Fox has already done a great service to Mexico: his election ended the corrupt, single-party monopoly by the PRI.
Vicente Fox at his inauguration ceremony December 1st.
by Ana Simo
DECEMBER 4, 2000. Vicente Fox is enjoying an almost universal honeymoon. The new President of Mexico has promised to end corruption, crime, and poverty in his country, and to truly incorporate indigenous populations into national life.
Fox has already done a great service to Mexico: his election ended the corrupt, single-party monopoly by the PRI (Partido Revolucionario Institucional), which controlled the country for the past 71 years. However, although Fox seems sincere, energetic and well-intentioned, not everything is rosy.
Many wonder if this devout Catholic, who won the presidency with the backing of the right-wing PAN (Partido Acción Nacional), will open the gates of power to Mexico's religious fundamentalists, most of which are not American-style Bible thumpers, but the kind of ultra-rightist Catholic that went of out fashion in Spain with Generalissimo Franco.
While Fox has said, repeatedly, that he will respect the separation between church and state which is at the heart of the Mexican republic, a few hours before his inauguration, on December 1, he called in the media for a photo op featuring himself publicly praying and taking communion. Later that day, at his inauguration, he invoked God in his first speech as President of Mexico, shortly after his daughter leapt on stage to hand him a crucifix.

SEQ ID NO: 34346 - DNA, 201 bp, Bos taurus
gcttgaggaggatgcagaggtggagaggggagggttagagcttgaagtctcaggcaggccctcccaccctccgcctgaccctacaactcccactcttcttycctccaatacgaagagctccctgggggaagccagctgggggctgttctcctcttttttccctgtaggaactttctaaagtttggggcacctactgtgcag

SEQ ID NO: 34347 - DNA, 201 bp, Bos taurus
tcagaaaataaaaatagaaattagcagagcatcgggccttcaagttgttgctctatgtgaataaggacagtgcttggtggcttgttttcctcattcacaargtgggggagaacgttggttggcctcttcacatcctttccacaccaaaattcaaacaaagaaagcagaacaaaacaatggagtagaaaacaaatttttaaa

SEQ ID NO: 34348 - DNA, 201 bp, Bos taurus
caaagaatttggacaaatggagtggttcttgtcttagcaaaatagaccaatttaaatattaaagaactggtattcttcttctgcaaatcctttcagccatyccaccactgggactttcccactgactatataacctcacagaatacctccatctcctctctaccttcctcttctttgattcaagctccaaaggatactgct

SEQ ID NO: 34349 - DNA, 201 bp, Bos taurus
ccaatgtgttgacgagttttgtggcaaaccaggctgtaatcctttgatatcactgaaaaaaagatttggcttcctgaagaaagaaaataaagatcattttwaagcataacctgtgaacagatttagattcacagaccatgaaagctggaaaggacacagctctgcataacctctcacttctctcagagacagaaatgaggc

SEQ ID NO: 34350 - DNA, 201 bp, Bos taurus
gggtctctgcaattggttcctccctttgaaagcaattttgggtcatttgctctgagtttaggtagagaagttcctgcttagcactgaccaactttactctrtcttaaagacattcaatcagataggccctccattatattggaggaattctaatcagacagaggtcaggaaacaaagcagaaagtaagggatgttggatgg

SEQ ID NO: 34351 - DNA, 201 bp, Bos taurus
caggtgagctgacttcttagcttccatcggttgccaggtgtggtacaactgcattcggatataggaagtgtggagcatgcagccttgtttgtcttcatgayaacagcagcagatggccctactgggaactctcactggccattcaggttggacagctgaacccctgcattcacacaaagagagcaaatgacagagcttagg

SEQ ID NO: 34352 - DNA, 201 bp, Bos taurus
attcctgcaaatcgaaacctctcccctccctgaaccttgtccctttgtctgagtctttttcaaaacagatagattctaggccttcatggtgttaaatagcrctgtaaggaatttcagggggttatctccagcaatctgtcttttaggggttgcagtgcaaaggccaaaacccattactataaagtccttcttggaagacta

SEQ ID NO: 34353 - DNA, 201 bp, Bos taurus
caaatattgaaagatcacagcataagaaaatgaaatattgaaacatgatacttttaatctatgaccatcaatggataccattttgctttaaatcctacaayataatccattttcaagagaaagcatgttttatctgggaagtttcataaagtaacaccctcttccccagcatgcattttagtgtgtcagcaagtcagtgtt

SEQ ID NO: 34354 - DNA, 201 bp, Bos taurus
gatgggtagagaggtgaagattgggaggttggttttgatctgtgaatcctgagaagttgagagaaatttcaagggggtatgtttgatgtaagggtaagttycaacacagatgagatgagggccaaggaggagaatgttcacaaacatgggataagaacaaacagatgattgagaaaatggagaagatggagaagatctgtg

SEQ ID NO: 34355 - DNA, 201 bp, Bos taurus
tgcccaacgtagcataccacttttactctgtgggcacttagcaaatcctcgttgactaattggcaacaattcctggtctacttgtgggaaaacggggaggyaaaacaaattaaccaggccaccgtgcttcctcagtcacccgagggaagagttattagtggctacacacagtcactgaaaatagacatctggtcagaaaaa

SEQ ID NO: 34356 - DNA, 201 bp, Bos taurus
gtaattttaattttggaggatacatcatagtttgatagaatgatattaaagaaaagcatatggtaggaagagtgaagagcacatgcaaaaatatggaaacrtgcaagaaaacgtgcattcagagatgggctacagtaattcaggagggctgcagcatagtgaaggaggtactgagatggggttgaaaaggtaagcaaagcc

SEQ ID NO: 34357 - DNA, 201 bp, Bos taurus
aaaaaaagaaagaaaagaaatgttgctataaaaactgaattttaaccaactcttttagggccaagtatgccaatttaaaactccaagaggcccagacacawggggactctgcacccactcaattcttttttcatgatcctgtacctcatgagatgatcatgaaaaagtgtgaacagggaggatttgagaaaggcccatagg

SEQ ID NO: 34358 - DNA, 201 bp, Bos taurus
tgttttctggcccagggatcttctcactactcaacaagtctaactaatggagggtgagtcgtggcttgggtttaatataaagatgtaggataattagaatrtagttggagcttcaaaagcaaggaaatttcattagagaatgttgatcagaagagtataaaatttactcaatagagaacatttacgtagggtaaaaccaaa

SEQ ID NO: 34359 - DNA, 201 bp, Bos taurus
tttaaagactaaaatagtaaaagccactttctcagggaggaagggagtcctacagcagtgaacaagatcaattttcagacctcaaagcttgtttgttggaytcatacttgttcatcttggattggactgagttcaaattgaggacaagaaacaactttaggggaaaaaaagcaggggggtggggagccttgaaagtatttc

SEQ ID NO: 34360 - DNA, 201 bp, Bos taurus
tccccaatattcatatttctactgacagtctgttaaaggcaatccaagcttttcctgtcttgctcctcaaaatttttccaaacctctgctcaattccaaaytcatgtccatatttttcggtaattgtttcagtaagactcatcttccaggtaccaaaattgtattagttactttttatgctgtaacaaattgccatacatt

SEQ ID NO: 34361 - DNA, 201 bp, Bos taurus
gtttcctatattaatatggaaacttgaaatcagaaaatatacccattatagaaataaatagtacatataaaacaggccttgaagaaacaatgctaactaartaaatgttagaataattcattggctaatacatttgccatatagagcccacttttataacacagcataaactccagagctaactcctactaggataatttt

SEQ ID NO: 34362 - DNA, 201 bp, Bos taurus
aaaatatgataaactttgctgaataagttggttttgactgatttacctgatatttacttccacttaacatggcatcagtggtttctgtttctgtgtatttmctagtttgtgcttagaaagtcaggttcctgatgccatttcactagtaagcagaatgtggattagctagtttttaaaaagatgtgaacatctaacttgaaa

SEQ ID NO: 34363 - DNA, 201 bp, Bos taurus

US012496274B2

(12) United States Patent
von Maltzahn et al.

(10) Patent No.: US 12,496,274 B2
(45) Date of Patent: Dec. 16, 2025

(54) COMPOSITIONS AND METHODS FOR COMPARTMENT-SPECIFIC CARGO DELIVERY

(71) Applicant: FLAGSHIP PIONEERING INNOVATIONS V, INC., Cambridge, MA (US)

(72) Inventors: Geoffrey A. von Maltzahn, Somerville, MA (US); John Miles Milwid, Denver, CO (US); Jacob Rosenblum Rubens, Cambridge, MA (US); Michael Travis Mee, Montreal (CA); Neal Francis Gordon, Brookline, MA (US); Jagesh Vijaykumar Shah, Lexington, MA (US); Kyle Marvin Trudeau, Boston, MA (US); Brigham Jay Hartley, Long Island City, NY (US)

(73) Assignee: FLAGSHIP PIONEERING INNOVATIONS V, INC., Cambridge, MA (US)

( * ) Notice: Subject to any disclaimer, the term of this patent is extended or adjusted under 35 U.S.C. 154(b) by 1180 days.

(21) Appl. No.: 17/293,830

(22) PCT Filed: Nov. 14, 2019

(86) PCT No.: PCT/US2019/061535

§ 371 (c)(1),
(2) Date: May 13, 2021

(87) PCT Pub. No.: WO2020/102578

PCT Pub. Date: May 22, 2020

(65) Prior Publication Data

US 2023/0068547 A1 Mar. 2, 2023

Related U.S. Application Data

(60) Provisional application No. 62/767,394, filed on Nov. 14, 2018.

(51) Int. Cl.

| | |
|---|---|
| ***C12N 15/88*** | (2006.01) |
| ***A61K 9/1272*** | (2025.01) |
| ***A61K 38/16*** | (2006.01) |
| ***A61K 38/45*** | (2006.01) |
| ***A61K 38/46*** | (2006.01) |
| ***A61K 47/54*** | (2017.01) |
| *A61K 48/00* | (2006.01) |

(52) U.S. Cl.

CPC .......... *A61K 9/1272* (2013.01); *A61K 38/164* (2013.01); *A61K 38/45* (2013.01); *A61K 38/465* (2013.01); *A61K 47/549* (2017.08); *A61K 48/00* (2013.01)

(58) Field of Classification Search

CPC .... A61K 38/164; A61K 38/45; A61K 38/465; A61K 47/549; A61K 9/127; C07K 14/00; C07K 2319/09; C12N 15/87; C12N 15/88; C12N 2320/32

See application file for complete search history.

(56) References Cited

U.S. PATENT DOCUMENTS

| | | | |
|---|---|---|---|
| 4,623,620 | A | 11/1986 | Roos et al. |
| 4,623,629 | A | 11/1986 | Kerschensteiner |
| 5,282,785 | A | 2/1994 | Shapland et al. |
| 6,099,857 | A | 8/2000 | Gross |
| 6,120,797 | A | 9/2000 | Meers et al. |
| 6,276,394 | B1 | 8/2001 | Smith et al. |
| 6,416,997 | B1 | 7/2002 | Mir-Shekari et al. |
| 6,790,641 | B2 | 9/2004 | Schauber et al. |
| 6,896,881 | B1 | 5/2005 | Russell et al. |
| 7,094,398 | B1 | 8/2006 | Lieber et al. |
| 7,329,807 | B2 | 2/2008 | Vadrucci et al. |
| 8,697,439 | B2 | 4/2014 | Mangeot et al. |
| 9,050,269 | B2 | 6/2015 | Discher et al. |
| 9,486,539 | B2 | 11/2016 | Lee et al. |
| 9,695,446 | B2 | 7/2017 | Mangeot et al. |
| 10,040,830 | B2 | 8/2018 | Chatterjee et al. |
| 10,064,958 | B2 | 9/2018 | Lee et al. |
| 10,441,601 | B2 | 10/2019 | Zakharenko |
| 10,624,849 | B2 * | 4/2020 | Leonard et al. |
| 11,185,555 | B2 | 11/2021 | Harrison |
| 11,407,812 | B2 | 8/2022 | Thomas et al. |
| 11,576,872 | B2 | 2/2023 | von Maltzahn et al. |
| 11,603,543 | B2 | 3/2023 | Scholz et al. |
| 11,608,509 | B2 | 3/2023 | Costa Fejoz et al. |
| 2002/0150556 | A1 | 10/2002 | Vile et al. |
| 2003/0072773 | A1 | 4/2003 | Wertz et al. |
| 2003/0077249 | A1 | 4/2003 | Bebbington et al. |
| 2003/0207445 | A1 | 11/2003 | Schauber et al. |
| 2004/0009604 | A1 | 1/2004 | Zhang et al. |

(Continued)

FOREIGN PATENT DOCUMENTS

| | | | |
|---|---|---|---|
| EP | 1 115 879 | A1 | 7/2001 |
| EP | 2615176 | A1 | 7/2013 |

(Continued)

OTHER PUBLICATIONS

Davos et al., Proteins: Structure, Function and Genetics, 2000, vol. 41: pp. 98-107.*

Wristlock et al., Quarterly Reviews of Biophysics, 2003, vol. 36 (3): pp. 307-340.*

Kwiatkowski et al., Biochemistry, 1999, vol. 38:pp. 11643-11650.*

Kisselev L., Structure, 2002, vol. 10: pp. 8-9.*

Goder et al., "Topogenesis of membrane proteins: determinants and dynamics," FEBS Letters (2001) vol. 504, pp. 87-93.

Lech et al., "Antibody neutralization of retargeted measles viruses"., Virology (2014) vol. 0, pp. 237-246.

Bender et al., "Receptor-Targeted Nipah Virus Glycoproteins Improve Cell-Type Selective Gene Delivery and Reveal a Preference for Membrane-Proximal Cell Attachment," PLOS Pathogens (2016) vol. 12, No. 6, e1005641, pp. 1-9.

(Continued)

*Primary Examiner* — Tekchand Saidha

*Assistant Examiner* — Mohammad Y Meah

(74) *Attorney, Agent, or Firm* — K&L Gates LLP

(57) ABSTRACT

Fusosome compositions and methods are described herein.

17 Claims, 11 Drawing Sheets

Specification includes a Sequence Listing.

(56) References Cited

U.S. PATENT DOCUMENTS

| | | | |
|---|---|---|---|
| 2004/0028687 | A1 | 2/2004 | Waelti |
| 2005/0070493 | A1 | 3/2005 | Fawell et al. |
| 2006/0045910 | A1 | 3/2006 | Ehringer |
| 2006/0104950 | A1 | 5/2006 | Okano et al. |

Fox's public religious gestures have created some concern. They are unprecedented in Mexico, where the separation between church and state is taken so seriously that government officials are prohibited by law to attend any religious function "in an official capacity."
Are they a symbolic bone, long on form and short on substance, that Fox is forced to throw to the religious right so it doesn't turn against him? Or are they a sign of a coming erosion of secular democracy? In any case, in politics, symbols are often the very substance of power, and a symbol accepted by the entire nation can change the social climate faster than the designation of ten ministers.
The stridency of the clerical ultra-right since Fox won the presidency in July, and the lavish coverage they have been getting lately in the Mexican media, are other disturbing signs, as Paco Calderón has observed in the online magazine SerGay.
As usual, women, the lesbian and gay community, and defenders of free speech, will be the first casualties if Fox allows himself to be swayed by the extreme right. The ultimate loser, however, will be Fox himself. His reputation and his project for the renewal of Mexico may well sink if a hurricane of intolerance sweeps the nation.
For the article by Paco Calderón, "Qué nos espera a los homosexuales mexicanos con Fox y su partido, el PAN, en el poder." (Spanish only)
For the Mexican online magazine SerGay. (English and Spanish)
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